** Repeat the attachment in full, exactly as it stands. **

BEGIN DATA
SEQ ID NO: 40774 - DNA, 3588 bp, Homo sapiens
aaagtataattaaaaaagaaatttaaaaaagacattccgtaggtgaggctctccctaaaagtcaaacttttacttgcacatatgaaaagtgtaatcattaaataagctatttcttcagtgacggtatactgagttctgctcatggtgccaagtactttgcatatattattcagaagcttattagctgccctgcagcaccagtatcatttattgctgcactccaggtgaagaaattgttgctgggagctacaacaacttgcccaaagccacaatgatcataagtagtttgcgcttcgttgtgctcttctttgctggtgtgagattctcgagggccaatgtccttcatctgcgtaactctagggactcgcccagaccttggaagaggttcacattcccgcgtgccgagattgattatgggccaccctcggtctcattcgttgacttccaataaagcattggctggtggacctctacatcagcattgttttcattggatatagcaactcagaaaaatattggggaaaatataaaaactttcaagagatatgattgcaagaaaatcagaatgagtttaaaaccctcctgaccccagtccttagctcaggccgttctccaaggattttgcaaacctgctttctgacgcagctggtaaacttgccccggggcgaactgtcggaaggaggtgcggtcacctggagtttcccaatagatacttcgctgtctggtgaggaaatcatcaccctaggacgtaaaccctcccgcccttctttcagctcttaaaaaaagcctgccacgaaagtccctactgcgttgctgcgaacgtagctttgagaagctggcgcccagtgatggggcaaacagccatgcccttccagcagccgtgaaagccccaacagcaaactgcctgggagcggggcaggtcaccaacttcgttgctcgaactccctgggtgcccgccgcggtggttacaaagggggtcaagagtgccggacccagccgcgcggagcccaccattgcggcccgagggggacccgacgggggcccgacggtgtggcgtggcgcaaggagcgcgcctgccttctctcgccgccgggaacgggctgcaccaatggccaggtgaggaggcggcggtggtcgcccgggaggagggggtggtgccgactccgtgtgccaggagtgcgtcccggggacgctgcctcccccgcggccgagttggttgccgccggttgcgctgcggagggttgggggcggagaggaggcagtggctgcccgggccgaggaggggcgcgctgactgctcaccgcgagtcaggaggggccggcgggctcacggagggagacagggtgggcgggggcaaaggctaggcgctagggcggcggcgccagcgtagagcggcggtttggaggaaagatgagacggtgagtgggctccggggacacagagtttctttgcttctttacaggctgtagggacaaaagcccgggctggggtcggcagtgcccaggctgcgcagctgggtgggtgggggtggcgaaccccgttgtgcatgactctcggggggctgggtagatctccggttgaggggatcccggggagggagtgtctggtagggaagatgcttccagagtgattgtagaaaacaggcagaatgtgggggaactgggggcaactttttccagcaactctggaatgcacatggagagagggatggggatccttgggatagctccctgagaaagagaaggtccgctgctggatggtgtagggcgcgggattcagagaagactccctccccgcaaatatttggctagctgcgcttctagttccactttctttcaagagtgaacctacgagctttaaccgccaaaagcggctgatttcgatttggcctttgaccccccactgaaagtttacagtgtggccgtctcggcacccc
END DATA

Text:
SEQ ID NO: 40774 - DNA, 3588 bp, Homo sapiens
aaagtataattaaaaaagaaatttaaaaaagacattccgtaggtgaggctctccctaaaagtcaaacttttacttgcacatatgaaaagtgtaatcattaaataagctatttcttcagtgacggtatactgagttctgctcatggtgccaagtactttgcatatattattcagaagcttattagctgccctgcagcaccagtatcatttattgctgcactccaggtgaagaaattgttgctgggagctacaacaacttgcccaaagccacaatgatcataagtagtttgcgcttcgttgtgctcttctttgctggtgtgagattctcgagggccaatgtccttcatctgcgtaactctagggactcgcccagaccttggaagaggttcacattcccgcgtgccgagattgattatgggccaccctcggtctcattcgttgacttccaataaagcattggctggtggacctctacatcagcattgttttcattggatatagcaactcagaaaaatattggggaaaatataaaaactttcaagagatatgattgcaagaaaatcagaatgagtttaaaaccctcctgaccccagtccttagctcaggccgttctccaaggattttgcaaacctgctttctgacgcagctggtaaacttgccccggggcgaactgtcggaaggaggtgcggtcacctggagtttcccaatagatacttcgctgtctggtgaggaaatcatcaccctaggacgtaaaccctcccgcccttctttcagctcttaaaaaaagcctgccacgaaagtccctactgcgttgctgcgaacgtagctttgagaagctggcgcccagtgatggggcaaacagccatgcccttccagcagccgtgaaagccccaacagcaaactgcctgggagcggggcaggtcaccaacttcgttgctcgaactccctgggtgcccgccgcggtggttacaaagggggtcaagagtgccggacccagccgcgcggagcccaccattgcggcccgagggggacccgacgggggcccgacggtgtggcgtggcgcaaggagcgcgcctgccttctctcgccgccgggaacgggctgcaccaatggccaggtgaggaggcggcggtggtcgcccgggaggagggggtggtgccgactccgtgtgccaggagtgcgtcccggggacgctgcctcccccgcggccgagttggttgccgccggttgcgctgcggagggttgggggcggagaggaggcagtggctgcccgggccgaggaggggcgcgctgactgctcaccgcgagtcaggaggggccggcgggctcacggagggagacagggtgggcgggggcaaaggctaggcgctagggcggcggcgccagcgtagagcggcggtttggaggaaagatgagacggtgagtgggctccggggacacagagtttctttgcttctttacaggctgtagggacaaaagcccgggctggggtcggcagtgcccaggctgcgcagctgggtgggtgggggtggcgaaccccgttgtgcatgactctcggggggctgggtagatctccggttgaggggatcccggggagggagtgtctggtagggaagatgcttccagagtgattgtagaaaacaggcagaatgtgggggaactgggggcaactttttccagcaactctggaatgcacatggagagagggatggggatccttgggatagctccctgagaaagagaaggtccgctgctggatggtgtagggcgcgggattcagagaagactccctccccgcaaatatttggctagctgcgcttctagttccactttctttcaagagtgaacctacgagctttaaccgccaaaagcggctgatttcgatttggcctttgaccccccactgaaagtttacagtgtggccgtctcggcacccc